globalStyle: 'src/global/app.css'

Check out the styling docs of how to use global styles in your app.


default: 8

When the hashFileNames config is set to true, and it is a production build, the hashedFileNameLength config is used to determine how many characters the file name's hash should be.

hashedFileNameLength: 8


default: true

During production builds, the content of each generated file is hashed to represent the content, and the hashed value is used as the filename. If the content isn't updated between builds, then it receives the same filename. When the content is updated, then the filename is different. By doing this, deployed apps can "forever-cache" the build directory and take full advantage of content delivery networks (CDNs) and heavily caching files for faster apps.

hashFileNames: true


When using the lazy build Stencil has support for automatically applying a class or attribute to a component and all of its child components when they have finished hydrating. This can be used to prevent a flash of unstyled content (FOUC), a typically-undesired 'flicker' of unstyled HTML that might otherwise occur during component rendering while various components are asynchronously downloaded and rendered.

By default, Stencil will add the hydrated CSS class to elements to indicate hydration. The hydratedFlag config field allows this behavior to be customized, by changing the name of the applied CSS class, setting it to use an attribute to indicate hydration, or changing which type of CSS properties and values are assigned before and after hydrating. This config can also be used to turn off this behavior by setting it to null.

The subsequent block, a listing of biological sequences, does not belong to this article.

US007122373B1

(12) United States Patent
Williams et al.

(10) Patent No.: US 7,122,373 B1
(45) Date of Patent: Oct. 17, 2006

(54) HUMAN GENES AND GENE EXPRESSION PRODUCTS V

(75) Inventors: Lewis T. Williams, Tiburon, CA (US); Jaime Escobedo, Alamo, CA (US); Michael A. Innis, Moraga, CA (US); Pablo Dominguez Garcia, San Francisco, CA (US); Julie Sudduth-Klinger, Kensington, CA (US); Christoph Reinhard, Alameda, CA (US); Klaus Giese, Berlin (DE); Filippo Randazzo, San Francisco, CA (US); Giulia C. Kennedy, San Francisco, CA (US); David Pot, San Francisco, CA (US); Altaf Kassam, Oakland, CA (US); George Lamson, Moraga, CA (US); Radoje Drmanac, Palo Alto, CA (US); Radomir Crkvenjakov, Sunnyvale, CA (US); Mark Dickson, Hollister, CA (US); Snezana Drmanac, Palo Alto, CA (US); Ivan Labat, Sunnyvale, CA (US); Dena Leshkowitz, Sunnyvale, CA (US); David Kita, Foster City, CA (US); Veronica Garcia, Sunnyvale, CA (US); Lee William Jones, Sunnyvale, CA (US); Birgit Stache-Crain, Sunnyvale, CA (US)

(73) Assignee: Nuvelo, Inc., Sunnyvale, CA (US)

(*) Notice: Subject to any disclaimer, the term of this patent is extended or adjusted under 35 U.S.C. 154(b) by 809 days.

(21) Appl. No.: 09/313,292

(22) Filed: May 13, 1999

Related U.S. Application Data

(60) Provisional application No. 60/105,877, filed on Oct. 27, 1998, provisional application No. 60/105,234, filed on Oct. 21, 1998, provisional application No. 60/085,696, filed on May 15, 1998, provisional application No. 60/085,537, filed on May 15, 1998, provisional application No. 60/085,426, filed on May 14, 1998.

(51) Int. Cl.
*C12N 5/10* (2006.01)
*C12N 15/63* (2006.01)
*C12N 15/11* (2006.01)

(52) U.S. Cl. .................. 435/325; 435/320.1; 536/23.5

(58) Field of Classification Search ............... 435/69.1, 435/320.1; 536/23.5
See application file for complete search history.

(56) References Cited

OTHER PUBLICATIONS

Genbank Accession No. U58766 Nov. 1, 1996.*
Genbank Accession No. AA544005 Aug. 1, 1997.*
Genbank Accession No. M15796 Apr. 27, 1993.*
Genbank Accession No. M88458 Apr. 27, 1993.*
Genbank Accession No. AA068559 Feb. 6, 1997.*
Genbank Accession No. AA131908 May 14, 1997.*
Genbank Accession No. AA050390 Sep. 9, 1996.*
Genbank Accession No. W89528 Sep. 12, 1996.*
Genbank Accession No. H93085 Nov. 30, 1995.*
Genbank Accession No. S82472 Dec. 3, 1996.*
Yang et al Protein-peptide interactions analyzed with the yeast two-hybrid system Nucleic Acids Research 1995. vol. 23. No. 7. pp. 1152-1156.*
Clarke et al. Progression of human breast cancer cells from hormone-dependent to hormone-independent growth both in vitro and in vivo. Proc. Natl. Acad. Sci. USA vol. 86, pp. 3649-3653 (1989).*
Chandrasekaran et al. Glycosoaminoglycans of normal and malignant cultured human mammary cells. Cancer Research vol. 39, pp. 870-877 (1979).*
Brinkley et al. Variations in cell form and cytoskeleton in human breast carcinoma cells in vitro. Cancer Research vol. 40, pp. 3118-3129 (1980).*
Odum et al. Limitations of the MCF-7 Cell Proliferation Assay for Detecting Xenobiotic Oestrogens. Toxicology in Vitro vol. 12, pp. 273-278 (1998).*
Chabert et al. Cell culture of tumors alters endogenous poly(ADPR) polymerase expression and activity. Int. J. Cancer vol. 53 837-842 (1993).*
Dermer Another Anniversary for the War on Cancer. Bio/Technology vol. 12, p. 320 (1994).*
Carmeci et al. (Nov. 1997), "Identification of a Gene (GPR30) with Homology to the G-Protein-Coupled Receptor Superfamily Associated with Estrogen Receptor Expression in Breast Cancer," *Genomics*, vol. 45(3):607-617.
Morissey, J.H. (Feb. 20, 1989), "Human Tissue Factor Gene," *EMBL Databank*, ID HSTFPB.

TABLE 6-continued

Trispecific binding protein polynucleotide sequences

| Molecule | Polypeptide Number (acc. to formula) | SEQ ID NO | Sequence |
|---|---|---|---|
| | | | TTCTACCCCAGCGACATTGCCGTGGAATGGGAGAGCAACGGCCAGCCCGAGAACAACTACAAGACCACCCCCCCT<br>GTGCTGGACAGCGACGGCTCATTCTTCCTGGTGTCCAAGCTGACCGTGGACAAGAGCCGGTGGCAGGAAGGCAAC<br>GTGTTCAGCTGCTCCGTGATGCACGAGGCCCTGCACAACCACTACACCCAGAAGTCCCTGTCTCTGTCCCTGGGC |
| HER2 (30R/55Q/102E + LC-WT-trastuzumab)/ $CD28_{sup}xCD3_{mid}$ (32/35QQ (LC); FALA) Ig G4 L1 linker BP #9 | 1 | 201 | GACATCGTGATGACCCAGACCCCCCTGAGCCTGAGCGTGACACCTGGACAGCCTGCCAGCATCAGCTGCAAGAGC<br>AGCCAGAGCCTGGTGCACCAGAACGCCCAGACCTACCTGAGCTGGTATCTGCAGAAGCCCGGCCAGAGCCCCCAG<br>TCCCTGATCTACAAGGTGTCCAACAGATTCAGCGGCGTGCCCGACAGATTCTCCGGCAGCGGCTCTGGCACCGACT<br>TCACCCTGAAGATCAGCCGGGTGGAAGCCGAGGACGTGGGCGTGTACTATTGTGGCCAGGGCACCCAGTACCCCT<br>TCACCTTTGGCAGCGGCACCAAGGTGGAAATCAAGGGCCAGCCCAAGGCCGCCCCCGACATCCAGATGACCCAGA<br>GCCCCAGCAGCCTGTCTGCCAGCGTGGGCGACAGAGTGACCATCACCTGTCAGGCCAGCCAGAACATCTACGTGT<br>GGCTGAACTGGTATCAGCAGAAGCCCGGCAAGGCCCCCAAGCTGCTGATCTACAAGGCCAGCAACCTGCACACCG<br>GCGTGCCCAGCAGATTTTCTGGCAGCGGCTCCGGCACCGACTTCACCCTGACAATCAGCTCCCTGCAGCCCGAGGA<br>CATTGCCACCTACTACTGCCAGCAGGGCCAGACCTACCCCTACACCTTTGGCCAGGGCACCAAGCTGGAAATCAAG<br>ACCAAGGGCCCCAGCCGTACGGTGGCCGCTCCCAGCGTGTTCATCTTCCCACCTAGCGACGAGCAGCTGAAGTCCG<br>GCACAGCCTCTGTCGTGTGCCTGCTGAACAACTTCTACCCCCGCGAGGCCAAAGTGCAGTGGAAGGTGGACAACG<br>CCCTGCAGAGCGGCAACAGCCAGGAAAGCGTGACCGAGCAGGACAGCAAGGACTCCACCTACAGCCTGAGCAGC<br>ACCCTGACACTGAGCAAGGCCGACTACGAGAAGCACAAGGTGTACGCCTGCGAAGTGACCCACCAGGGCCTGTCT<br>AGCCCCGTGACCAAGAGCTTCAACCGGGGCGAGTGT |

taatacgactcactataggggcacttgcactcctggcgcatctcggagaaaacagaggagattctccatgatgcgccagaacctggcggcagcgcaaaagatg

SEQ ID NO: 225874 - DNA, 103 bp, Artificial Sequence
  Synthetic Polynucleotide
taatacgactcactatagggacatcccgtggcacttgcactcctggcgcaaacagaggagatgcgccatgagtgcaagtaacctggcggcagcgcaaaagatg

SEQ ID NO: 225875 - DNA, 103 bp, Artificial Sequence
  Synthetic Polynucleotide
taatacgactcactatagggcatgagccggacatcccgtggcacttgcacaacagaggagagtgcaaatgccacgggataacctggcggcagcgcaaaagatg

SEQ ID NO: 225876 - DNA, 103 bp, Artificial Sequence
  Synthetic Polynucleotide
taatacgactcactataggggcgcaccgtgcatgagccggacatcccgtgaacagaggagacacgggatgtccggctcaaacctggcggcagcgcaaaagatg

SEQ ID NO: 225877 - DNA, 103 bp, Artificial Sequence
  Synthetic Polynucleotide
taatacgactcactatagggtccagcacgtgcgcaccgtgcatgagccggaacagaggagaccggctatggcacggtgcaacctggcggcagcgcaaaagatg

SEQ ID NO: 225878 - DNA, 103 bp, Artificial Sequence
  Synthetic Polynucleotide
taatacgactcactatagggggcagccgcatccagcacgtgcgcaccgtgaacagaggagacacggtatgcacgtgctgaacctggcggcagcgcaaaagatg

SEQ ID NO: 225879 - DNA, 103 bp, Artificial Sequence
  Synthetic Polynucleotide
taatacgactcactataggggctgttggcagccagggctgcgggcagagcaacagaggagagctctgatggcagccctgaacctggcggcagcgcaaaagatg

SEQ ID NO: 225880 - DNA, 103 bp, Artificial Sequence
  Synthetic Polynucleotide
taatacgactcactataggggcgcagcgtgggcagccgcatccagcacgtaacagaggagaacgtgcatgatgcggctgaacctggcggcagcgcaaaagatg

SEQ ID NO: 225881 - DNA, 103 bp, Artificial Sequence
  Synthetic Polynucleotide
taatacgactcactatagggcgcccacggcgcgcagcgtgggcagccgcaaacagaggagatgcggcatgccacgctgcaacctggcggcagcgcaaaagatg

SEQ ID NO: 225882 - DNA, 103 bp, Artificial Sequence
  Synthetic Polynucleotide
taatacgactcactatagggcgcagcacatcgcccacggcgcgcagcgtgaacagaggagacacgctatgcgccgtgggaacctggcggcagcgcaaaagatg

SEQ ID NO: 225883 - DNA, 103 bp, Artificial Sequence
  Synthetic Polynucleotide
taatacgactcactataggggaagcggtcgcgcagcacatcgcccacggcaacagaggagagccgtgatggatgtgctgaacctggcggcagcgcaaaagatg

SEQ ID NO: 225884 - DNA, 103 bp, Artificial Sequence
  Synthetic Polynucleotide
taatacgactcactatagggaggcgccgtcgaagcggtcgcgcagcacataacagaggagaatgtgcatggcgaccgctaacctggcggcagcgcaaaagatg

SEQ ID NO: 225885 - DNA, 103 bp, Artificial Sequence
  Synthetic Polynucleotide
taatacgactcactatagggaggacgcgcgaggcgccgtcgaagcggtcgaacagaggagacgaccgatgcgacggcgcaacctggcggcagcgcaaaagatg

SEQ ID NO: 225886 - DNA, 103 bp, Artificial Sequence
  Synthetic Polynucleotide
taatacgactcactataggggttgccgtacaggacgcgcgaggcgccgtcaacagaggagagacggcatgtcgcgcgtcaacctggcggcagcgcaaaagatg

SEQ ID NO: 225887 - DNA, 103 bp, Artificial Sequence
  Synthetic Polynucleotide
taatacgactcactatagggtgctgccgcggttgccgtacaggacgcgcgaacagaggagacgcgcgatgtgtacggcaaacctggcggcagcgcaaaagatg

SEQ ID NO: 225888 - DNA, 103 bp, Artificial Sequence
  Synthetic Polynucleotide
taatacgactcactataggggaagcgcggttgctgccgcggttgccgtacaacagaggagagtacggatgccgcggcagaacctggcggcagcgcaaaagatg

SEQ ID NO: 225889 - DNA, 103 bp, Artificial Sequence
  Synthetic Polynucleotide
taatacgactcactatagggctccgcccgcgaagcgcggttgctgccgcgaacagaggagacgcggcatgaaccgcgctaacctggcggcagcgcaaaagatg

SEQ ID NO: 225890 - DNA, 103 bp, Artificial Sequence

If a Stencil configuration does not supply a value for hydratedFlag then Stencil will automatically generate the following default configuration:

const defaultHydratedFlag: HydratedFlag = {
hydratedValue: 'inherit',
initialValue: 'hidden',
name: 'hydrated',
property: 'visibility',
selector: 'class',

If hydratedFlag is explicitly set to null, Stencil will not set a default configuration and the behavior of marking hydration with a class or attribute will be disabled.

hydratedFlag: null | {
name?: string,
selector?: 'class' | 'attribute',
property?: string,
initialValue?: string,
hydratedValue?: string

The supported options are as follows:


default: 'hydrated'

The name which Stencil will use for the attribute or class that it sets on elements to indicate that they are hydrated.

name: string


default: 'class'

The way that Stencil will indicate that a component has been hydrated. When 'class', Stencil will set the name option on the element as a class, and when 'attribute', Stencil will similarly set the name option as an attribute.

selector: 'class' | 'attribute'


default: 'visibility'

The CSS property used to show and hide components. This defaults to the CSS visibility property. Other possible CSS properties might include display with the initialValue setting as none, or opacity with the initialValue as 0. Defaults to visibility.

property: string


default: 'hidden'

This is the value which should be set for the property specified by property on all components before hydration.

initialValue: string


default: 'inherit'

This is the value which should be set for the property specified by property on all components once they've completed hydration.

hydratedValue: string


default: true

When true, invisiblePrehydration will visually hide components before they are hydrated by adding an automatically injected style tag to the document's head. Setting invisiblePrehydration to false will not inject the style tag into the head, allowing you to style your web components pre-hydration.


Setting invisiblePrehydration to false will cause everything to be visible when your page is loaded, causing a more prominent Flash of Unstyled Content (FOUC). However, you can style your web component's fallback content to your preference.

invisiblePrehydration: true


default: true in production

When true, the browser CSS file will be minified.


default: true in production

When true, the browser JS files will be minified. Stencil uses Terser under-the-hood for file minification.


default: App

The namespace config is a string representing a namespace for the app. For apps that are not meant to be a library of reusable components, the default of App is just fine. However, if the app is meant to be consumed as a third-party library, such as Ionic, a unique namespace is required.

namespace: "Ionic"


Please see the Output Target docs.


Please see the Plugin docs.


default: undefined